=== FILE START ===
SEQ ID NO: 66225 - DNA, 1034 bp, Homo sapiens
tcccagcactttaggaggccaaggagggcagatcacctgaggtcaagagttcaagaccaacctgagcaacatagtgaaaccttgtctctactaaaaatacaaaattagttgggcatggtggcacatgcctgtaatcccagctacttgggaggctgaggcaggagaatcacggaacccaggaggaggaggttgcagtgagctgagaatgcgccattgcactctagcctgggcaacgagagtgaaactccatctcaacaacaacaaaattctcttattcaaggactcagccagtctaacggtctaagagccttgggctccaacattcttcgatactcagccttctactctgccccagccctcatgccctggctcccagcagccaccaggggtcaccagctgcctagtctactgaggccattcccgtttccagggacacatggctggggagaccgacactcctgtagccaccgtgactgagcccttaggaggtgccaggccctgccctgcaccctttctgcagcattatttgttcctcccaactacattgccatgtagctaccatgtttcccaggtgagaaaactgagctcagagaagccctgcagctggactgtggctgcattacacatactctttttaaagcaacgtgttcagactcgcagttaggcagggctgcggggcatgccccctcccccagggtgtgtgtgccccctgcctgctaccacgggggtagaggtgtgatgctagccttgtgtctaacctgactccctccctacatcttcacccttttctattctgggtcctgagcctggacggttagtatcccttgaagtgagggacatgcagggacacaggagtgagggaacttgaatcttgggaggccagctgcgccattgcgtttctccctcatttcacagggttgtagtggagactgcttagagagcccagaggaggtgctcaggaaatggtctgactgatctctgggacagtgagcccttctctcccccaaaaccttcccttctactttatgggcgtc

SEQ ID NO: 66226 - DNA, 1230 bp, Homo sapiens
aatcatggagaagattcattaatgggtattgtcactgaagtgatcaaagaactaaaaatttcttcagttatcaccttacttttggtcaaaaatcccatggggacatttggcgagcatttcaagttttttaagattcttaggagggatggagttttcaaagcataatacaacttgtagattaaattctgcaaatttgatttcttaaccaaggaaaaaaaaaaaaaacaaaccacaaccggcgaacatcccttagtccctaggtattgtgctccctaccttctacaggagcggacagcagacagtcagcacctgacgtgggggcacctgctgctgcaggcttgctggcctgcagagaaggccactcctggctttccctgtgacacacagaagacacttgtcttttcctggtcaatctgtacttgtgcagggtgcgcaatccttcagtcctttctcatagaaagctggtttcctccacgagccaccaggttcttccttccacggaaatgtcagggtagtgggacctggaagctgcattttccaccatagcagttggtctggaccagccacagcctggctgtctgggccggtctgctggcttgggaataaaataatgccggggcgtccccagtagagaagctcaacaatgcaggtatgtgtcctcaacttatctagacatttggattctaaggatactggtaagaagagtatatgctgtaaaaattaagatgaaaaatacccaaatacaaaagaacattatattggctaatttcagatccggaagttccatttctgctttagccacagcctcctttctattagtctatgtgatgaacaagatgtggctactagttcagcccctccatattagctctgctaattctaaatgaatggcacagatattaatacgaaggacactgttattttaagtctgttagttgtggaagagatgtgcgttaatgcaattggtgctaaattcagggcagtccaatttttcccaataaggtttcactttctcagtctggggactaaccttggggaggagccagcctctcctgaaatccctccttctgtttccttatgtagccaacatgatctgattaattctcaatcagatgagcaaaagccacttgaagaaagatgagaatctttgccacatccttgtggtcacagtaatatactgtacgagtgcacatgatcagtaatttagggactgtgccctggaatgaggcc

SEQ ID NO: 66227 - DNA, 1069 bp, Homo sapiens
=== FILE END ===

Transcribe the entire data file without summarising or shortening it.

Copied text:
SEQ ID NO: 66225 - DNA, 1034 bp, Homo sapiens
tcccagcactttaggaggccaaggagggcagatcacctgaggtcaagagttcaagaccaacctgagcaacatagtgaaaccttgtctctactaaaaatacaaaattagttgggcatggtggcacatgcctgtaatcccagctacttgggaggctgaggcaggagaatcacggaacccaggaggaggaggttgcagtgagctgagaatgcgccattgcactctagcctgggcaacgagagtgaaactccatctcaacaacaacaaaattctcttattcaaggactcagccagtctaacggtctaagagccttgggctccaacattcttcgatactcagccttctactctgccccagccctcatgccctggctcccagcagccaccaggggtcaccagctgcctagtctactgaggccattcccgtttccagggacacatggctggggagaccgacactcctgtagccaccgtgactgagcccttaggaggtgccaggccctgccctgcaccctttctgcagcattatttgttcctcccaactacattgccatgtagctaccatgtttcccaggtgagaaaactgagctcagagaagccctgcagctggactgtggctgcattacacatactctttttaaagcaacgtgttcagactcgcagttaggcagggctgcggggcatgccccctcccccagggtgtgtgtgccccctgcctgctaccacgggggtagaggtgtgatgctagccttgtgtctaacctgactccctccctacatcttcacccttttctattctgggtcctgagcctggacggttagtatcccttgaagtgagggacatgcagggacacaggagtgagggaacttgaatcttgggaggccagctgcgccattgcgtttctccctcatttcacagggttgtagtggagactgcttagagagcccagaggaggtgctcaggaaatggtctgactgatctctgggacagtgagcccttctctcccccaaaaccttcccttctactttatgggcgtc

SEQ ID NO: 66226 - DNA, 1230 bp, Homo sapiens
aatcatggagaagattcattaatgggtattgtcactgaagtgatcaaagaactaaaaatttcttcagttatcaccttacttttggtcaaaaatcccatggggacatttggcgagcatttcaagttttttaagattcttaggagggatggagttttcaaagcataatacaacttgtagattaaattctgcaaatttgatttcttaaccaaggaaaaaaaaaaaaaacaaaccacaaccggcgaacatcccttagtccctaggtattgtgctccctaccttctacaggagcggacagcagacagtcagcacctgacgtgggggcacctgctgctgcaggcttgctggcctgcagagaaggccactcctggctttccctgtgacacacagaagacacttgtcttttcctggtcaatctgtacttgtgcagggtgcgcaatccttcagtcctttctcatagaaagctggtttcctccacgagccaccaggttcttccttccacggaaatgtcagggtagtgggacctggaagctgcattttccaccatagcagttggtctggaccagccacagcctggctgtctgggccggtctgctggcttgggaataaaataatgccggggcgtccccagtagagaagctcaacaatgcaggtatgtgtcctcaacttatctagacatttggattctaaggatactggtaagaagagtatatgctgtaaaaattaagatgaaaaatacccaaatacaaaagaacattatattggctaatttcagatccggaagttccatttctgctttagccacagcctcctttctattagtctatgtgatgaacaagatgtggctactagttcagcccctccatattagctctgctaattctaaatgaatggcacagatattaatacgaaggacactgttattttaagtctgttagttgtggaagagatgtgcgttaatgcaattggtgctaaattcagggcagtccaatttttcccaataaggtttcactttctcagtctggggactaaccttggggaggagccagcctctcctgaaatccctccttctgtttccttatgtagccaacatgatctgattaattctcaatcagatgagcaaaagccacttgaagaaagatgagaatctttgccacatccttgtggtcacagtaatatactgtacgagtgcacatgatcagtaatttagggactgtgccctggaatgaggcc

SEQ ID NO: 66227 - DNA, 1069 bp, Homo sapiens